Fly-posting and A-Boards

Fly-posting, A-Boards and how to report them.

What is fly-posting?

Fly-posting is the act of attaching posters, signs, flyers or stickers, without permission, on lampposts, trees, litter bins or any other structure on the highway (roads and footpaths), including staking them in the grass verge.

How can fly-posting and illegal signs pose a nuisance or danger?

Signs can be a particular problem when placed on main arterial transport routes, high speed roads (over 40 MPH), in close proximity to road junctions, roundabouts and traffic lights due to the distraction or obstruction to visibility.

Signs placed on the footpath can cause a hazard or obstruction to pedestrians, users of wheelchairs, people who have sight impairment or those with prams and pushchairs. Illegal signs can be a source of complaint and can degrade the local streetscene and act as a magnet for other illegal signage. Enforcement of illegal signage is based on risk criteria, whereby high risk areas such as those mentioned above are prioritised.

Is fly-posting illegal?

Yes, it is a criminal offence under the Highways Act 1980 and fly-posters can be reported to the council.

Fly-posting, such as posters and leaflets, can be an obstruction, nuisance or danger to road and footpath users, potentially causing a road traffic accident. We can remove fly-posting and the costs incurred in doing so can be charged to the person responsible for placing them.

Fines and Fixed Penalty Notices

Fines and Fixed Penalty Notices correct as of 1 April 2024.

We can also issue a fixed penalty notice of £500 per illegal item placed on the highway, reduced to £400 if paid within 10 days. If you have placed 5 posters, you would be fined £2,500, reduced to £2,000 if paid within 10 days.

Failure to pay a Fixed Penalty Notice will result in prosecution through the courts which if successful may result in a fine.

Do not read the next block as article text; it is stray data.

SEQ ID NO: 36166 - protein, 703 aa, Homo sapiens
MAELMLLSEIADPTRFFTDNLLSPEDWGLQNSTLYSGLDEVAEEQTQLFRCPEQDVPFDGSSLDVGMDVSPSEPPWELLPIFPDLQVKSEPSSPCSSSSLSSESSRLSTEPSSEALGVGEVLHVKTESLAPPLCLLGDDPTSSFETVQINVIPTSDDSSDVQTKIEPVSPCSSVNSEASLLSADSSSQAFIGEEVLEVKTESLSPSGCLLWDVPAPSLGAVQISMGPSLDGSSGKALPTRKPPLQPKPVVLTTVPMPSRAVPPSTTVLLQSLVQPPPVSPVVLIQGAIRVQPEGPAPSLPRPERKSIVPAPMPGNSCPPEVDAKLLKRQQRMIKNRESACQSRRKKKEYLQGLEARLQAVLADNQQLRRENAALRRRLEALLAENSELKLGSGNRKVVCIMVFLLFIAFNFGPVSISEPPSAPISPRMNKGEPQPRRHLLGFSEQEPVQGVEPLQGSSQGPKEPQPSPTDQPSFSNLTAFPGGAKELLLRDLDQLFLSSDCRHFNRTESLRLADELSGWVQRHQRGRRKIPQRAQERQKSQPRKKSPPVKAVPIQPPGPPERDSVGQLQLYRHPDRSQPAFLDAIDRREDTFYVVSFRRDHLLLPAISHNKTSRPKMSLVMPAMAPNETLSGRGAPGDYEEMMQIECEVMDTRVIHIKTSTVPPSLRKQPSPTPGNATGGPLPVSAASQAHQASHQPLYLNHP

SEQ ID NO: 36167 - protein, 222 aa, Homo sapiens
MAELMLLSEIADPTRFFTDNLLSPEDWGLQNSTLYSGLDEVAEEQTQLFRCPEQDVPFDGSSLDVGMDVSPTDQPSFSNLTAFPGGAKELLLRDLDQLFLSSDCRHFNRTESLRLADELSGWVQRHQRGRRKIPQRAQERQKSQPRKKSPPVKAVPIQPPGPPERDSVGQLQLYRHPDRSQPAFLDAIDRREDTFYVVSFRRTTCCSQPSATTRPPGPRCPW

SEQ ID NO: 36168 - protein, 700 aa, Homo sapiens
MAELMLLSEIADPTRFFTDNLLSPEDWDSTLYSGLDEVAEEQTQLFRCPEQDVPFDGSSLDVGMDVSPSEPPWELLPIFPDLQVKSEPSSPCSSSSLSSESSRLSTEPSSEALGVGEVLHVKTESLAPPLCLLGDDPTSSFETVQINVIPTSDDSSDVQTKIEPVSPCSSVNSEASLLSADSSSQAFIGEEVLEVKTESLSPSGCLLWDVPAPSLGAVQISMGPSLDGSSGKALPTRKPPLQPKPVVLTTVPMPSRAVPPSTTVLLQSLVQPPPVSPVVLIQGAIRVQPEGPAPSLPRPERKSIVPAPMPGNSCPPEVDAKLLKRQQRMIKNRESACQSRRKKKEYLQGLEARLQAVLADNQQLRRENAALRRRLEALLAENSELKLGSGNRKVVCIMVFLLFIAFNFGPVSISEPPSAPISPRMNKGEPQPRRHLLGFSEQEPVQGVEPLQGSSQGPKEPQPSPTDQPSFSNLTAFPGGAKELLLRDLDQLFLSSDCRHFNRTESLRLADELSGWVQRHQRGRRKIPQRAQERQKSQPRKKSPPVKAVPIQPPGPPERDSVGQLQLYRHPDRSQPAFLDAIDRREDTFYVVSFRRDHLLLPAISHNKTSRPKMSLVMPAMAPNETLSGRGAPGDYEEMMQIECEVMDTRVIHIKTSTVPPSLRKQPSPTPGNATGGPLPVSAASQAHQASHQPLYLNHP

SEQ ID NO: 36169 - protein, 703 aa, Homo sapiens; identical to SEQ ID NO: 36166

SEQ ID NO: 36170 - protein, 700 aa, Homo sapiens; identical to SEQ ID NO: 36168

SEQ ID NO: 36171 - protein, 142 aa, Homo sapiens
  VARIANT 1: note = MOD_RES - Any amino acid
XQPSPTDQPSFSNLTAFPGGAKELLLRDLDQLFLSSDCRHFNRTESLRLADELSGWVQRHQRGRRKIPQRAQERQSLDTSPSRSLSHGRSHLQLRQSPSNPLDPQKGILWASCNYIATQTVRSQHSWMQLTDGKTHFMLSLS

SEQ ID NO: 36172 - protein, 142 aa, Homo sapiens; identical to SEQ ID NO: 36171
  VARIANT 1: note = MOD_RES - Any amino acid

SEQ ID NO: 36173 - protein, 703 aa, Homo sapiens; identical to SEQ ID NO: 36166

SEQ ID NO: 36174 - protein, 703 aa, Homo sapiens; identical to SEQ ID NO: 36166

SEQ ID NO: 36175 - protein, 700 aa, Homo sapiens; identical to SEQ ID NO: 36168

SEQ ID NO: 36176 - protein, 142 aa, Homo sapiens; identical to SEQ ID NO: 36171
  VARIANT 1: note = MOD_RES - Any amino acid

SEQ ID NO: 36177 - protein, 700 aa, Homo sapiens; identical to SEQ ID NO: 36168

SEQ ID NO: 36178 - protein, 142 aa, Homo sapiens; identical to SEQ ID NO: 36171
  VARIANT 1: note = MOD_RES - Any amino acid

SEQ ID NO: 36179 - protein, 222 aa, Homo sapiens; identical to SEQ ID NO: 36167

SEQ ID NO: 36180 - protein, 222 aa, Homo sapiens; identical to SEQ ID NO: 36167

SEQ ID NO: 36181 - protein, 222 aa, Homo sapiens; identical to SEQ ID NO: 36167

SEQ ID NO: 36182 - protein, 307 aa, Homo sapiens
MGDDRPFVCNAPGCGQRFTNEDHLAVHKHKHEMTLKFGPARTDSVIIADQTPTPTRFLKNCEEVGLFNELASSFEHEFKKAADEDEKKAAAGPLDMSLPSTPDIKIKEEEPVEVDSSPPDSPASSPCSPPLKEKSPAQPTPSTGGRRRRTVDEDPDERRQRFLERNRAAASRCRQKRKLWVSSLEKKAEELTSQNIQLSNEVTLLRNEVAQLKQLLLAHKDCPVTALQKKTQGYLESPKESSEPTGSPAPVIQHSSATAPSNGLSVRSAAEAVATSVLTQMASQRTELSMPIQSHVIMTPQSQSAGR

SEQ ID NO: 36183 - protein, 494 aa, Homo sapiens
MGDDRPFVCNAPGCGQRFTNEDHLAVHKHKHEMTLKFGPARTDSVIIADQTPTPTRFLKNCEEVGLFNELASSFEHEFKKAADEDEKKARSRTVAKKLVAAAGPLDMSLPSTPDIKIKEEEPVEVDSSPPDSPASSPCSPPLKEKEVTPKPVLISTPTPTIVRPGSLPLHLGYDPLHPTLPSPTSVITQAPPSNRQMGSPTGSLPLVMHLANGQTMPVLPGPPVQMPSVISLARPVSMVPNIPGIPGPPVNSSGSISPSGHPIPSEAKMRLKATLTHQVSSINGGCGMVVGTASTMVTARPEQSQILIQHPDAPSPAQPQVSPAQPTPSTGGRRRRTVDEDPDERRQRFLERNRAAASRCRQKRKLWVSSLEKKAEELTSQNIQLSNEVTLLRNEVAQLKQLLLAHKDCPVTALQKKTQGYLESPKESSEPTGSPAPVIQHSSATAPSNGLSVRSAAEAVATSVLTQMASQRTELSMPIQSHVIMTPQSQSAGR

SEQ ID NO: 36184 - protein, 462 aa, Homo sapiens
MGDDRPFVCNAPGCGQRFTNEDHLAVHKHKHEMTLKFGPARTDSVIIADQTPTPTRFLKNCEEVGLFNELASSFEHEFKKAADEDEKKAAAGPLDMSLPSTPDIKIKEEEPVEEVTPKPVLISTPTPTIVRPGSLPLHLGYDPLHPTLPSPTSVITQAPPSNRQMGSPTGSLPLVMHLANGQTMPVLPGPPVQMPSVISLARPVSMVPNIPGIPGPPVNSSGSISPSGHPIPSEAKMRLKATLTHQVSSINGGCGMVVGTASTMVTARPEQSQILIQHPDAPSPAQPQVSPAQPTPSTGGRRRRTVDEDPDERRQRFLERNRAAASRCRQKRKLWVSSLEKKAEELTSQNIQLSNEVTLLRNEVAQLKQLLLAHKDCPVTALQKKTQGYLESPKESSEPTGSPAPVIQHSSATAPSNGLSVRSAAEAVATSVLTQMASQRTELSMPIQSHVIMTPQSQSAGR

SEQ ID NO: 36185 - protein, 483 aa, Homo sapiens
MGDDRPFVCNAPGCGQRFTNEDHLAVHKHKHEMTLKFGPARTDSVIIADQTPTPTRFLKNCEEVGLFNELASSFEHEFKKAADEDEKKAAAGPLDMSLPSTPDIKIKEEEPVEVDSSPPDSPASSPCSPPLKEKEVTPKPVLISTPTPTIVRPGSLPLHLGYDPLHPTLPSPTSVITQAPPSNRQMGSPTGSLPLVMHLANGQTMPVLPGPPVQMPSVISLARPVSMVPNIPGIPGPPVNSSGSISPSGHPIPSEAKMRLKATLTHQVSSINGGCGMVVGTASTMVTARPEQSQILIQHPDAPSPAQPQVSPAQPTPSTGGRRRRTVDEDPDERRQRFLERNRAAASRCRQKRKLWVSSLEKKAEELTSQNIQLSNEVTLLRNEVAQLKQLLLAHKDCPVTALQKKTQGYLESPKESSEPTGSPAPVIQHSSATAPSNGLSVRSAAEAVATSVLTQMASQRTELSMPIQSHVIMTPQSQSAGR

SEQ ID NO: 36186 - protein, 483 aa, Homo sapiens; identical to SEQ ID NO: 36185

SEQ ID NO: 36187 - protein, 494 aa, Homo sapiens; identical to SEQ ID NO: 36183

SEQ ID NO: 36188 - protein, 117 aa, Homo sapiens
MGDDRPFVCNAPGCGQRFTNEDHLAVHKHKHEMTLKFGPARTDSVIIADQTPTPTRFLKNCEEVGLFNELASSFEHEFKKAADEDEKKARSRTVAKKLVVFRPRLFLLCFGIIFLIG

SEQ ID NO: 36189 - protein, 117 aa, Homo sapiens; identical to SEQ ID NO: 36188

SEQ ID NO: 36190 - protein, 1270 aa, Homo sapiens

Read more about Fixed Penalty Notices and how to pay them.

Can I report fly-posting?

If you wish to remain anonymous, make sure you are not logged into your account.

Report fly-posting

What are A-Boards?

Advertising boards, or ‘A-boards’, are portable advertising signs used typically outdoors to promote or draw attention to a business, event, location or organisation.

A-boards are in frequent use in some areas of the East Riding, and the council now operates an A-board licence scheme in designated zones to regulate the use of A-boards on the public highway.

If the business is within a licence zone, they must display their A-board licence in their window.

Any unlicenced A-boards displayed within licence zones, or any breach of licence conditions, will be investigated by the Streetscene enforcement team and the A-board may be removed.

Please note: A-boards on the public highway outside licence zones are not permitted, and where specific concerns are raised, the council may investigate. View a map of the A-Board licence zones to check whether a business is within a licence zone.

Can I report an A-Board?

If an A-Board appears to be unsafe and needs to be dealt with urgently, please call (01482) 393939 to report it.

If the issue is not urgent, please report it online.

Report an A-Boards

Who is responsible for signs?

The council does not legitimize unauthorised signage on the highway. Any legal responsibility and liability associated with signage remains with the business or organisation concerned.

Where can I find further guidance about the use of signs?

Please read the following information:

GOV.UK website - Outdoor advertisements and signs: a guide for advertisers

The Town and Country Planning (Control of Advertisements) (England) Regulations 2007 provides guidance on the type and style of advertisements which may be permitted on private land with the appropriate planning consent where required.

Signs can be placed on private land, however they may be subject to planning consent. Read more about advertisement consent on the Planning Portal website.

The council offers advertising opportunities and sponsorships.

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